All things considered, converting fonts to OpenType format seems the most practical solution --especially if the tedium of conversion can be alleviated by running batch scripts. The Adobe Font Development Kit for OpenType includes the tx script for Type 1 to OpenType conversion [4], but installation instructions for Linux are obscure and require a knowledge of how to add paths to an environment, making them difficult for many to use. Similarly, although FontForge supports Python scripts as well as its own scripting language, so far no one seems to have written one for conversion.

FontForge Solutions

FontForge is a powerful but slow application with a primitive-looking interface that, in the best free software tradition, is the result of one developer's enthusiasms – in this case, the enthusiasm of George Williams, who developed FontForge as a retirement hobby before passing its development on to other hands in 2012. Although it's less sophisticated-looking than proprietary font design applications, FontForge remains a full-featured tool, and, according to Wikipedia, it was used to develop such free-licensed fonts as Cantarell, DejaVu, Inconsolata, and Linux Libertine. Most major Linux distributions include FontForge in their repositories [5].

FontForge offers two solutions for converting single fonts. First, from the FontForge interface, you can open a .pfb or .ttf file, and then select Font | Generate Font (Figure 2), and set the export format to OpenType (CFF). Second, FontForge maintains an Online Font Converter [6], in which you select the export format and then drag and drop files to the window (Figure 3).

Figure 2: Single font conversions can be done from the FontForge interface.
Figure 3: Another way to convert only a few fonts is from FontForge's online tool.

These solutions are practical if you have only a few fonts to convert or else are content to convert files only as needed. However, if you have dozens or hundreds of Type 1 files and want to get the entire process over and done with, the most practical solution is to run a headless batch script – one that calls upon FontForge without opening the graphical interface. Happily, the FontForge website includes an example of such a script that describes its construction, adding complexity step by step [7]. With one or two minor modifications, the script samples remain usable today (Listing 1). Table 1 parses the file to show what each element does.

Table 1

Explanation of Script

Excerpt

Description

#!/usr/bin/fontforge

This comment calls on FontForge to execute the script. The location of the FontForge binary may be in a different place in your distribution, such as /usr/share/bin/fontforge.

i=1

Creates a local variable called i with a value of 1.

format=".otf"

Sets a default conversion format of OpenType. This format can be changed by setting the format option when running the command (see below).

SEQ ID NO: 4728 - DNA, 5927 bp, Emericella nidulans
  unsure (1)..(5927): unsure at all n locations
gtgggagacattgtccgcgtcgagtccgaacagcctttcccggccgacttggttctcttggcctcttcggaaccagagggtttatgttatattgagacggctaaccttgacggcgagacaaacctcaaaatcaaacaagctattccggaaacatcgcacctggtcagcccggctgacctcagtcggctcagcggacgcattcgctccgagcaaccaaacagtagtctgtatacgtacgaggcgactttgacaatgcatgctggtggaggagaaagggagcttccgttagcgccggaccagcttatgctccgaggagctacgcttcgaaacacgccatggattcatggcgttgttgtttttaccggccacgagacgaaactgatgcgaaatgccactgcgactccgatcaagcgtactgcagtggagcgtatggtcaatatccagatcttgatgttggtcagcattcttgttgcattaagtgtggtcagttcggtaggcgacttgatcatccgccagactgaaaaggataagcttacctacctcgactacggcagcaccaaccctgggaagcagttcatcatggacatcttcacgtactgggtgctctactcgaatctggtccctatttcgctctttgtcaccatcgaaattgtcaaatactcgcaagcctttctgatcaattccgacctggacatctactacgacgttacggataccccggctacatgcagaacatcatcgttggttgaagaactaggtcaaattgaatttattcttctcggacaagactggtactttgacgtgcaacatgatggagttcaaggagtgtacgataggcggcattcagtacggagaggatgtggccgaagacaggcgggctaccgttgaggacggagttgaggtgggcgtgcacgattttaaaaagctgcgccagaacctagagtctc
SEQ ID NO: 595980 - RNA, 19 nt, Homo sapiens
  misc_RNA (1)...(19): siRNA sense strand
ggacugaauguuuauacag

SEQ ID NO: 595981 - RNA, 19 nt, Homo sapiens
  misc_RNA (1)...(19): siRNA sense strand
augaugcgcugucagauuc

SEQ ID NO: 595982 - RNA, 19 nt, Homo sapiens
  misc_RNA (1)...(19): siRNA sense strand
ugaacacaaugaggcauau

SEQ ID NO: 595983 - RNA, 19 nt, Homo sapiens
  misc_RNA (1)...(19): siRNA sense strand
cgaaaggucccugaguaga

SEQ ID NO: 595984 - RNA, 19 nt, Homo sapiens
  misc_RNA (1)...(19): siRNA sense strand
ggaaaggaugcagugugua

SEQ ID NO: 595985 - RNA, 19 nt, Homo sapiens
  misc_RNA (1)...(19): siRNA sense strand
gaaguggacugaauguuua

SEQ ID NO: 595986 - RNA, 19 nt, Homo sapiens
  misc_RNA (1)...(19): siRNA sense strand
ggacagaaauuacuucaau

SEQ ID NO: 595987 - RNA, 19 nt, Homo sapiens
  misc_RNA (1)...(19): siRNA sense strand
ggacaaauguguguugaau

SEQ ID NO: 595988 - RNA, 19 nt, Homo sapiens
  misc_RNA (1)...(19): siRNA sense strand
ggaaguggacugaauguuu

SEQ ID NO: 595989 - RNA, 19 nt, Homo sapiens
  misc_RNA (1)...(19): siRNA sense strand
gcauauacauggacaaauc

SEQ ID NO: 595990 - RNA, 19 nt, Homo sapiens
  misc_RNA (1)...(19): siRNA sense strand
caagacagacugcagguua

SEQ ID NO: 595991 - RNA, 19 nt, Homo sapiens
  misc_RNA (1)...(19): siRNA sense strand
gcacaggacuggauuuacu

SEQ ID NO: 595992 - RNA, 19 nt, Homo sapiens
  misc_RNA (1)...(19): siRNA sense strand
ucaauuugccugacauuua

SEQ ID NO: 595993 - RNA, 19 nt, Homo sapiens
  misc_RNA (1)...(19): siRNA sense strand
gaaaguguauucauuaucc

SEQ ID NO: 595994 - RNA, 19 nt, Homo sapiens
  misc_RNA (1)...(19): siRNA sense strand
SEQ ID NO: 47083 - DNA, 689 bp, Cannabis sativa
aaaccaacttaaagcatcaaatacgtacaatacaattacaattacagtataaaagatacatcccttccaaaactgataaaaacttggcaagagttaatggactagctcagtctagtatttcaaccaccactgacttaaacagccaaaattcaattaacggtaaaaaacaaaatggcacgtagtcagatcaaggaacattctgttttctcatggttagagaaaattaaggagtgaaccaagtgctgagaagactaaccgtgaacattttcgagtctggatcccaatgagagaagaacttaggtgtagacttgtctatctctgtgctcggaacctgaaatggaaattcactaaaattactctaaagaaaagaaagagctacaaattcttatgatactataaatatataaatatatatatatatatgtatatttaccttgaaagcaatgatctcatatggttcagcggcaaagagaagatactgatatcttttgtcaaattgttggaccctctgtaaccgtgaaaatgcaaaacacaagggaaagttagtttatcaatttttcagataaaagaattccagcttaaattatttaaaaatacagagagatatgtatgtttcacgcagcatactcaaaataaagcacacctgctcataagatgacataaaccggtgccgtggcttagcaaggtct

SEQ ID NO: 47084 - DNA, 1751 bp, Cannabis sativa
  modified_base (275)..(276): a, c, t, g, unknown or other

$argc

Variable for the number of arguments passed to the script.

$argv[i]

The array containing the argument passed to the script.

( $argv[i]=="-format" || $argv[i]=="--format" )

Creates a format option. Notice that the both -format and --format (one or two hyphens) are valid options.

if ..else

If -format or --format is specified, then that format is used. If neither -format or --format is used, then the default set in format= is used.

Listing 1

Sample Script

 

To run a batch file, run

chmod +x convert.pe

to give it the necessary permissions to run. Place all the files you want to convert in the same directory, and then switch to the directory and run:

convert.pe --format "EXPORT-FORMAT" *.ORIGINAL-FORMAT-FILES

For instance, to convert Type 1 fonts to OpenFace, you would run:

convert.pe --format ".otf" *.pfb.

FontForge does not have a verbose mode, so the only evidence of success is the appearance of the converted files in the directory.

The FontForge site also gives a version of this script for converting TrueType fonts to Type 1, but, these days, few people are likely to want that variant. Similarly, the same page describes how to add more accented characters to a Type 1 font, but if you have survived without the extra accents in the past, you probably can continue to do without them. Besides, the newest Type 1 fonts already have a reasonable array of accented characters for Western European languages.

After Conversion

This script runs without problems from a command line (Figure 4). However, if you are working from the FontForge interface, you can click File | Preferences | Scripts to add a script menu and then add the script as a menu item.

Figure 4: You can run the conversion script from a command line or from the FontForge interface.

No matter how you run the script, the conversion should be trouble-free. You will have to add the converted versions of the font to your system or to LibreOffice to use them, and, if LibreOffice is open, close, and reopen it to gain access to the files.